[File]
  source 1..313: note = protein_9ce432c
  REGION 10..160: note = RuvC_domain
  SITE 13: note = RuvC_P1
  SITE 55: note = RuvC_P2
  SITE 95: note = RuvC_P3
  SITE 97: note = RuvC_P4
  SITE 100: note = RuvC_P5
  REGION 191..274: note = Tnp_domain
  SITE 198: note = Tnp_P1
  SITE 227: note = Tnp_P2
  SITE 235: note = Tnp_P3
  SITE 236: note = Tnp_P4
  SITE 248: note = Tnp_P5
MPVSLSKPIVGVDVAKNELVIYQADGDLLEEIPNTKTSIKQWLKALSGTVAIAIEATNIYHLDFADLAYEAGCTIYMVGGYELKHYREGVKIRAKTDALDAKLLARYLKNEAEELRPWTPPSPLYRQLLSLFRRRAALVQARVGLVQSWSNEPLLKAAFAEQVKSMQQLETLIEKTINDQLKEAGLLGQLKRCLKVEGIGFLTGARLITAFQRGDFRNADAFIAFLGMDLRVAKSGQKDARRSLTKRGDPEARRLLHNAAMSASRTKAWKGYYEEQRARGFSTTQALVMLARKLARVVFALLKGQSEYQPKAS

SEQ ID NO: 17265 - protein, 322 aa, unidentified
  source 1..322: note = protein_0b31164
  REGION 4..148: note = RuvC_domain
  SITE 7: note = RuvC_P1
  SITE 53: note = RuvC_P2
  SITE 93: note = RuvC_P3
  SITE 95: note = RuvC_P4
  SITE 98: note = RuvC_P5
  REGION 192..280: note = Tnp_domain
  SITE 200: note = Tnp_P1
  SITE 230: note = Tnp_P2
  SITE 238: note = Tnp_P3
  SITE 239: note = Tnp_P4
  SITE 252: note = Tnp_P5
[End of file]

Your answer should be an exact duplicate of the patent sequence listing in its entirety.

  source 1..313: note = protein_9ce432c
  REGION 10..160: note = RuvC_domain
  SITE 13: note = RuvC_P1
  SITE 55: note = RuvC_P2
  SITE 95: note = RuvC_P3
  SITE 97: note = RuvC_P4
  SITE 100: note = RuvC_P5
  REGION 191..274: note = Tnp_domain
  SITE 198: note = Tnp_P1
  SITE 227: note = Tnp_P2
  SITE 235: note = Tnp_P3
  SITE 236: note = Tnp_P4
  SITE 248: note = Tnp_P5
MPVSLSKPIVGVDVAKNELVIYQADGDLLEEIPNTKTSIKQWLKALSGTVAIAIEATNIYHLDFADLAYEAGCTIYMVGGYELKHYREGVKIRAKTDALDAKLLARYLKNEAEELRPWTPPSPLYRQLLSLFRRRAALVQARVGLVQSWSNEPLLKAAFAEQVKSMQQLETLIEKTINDQLKEAGLLGQLKRCLKVEGIGFLTGARLITAFQRGDFRNADAFIAFLGMDLRVAKSGQKDARRSLTKRGDPEARRLLHNAAMSASRTKAWKGYYEEQRARGFSTTQALVMLARKLARVVFALLKGQSEYQPKAS

SEQ ID NO: 17265 - protein, 322 aa, unidentified
  source 1..322: note = protein_0b31164
  REGION 4..148: note = RuvC_domain
  SITE 7: note = RuvC_P1
  SITE 53: note = RuvC_P2
  SITE 93: note = RuvC_P3
  SITE 95: note = RuvC_P4
  SITE 98: note = RuvC_P5
  REGION 192..280: note = Tnp_domain
  SITE 200: note = Tnp_P1
  SITE 230: note = Tnp_P2
  SITE 238: note = Tnp_P3
  SITE 239: note = Tnp_P4
  SITE 252: note = Tnp_P5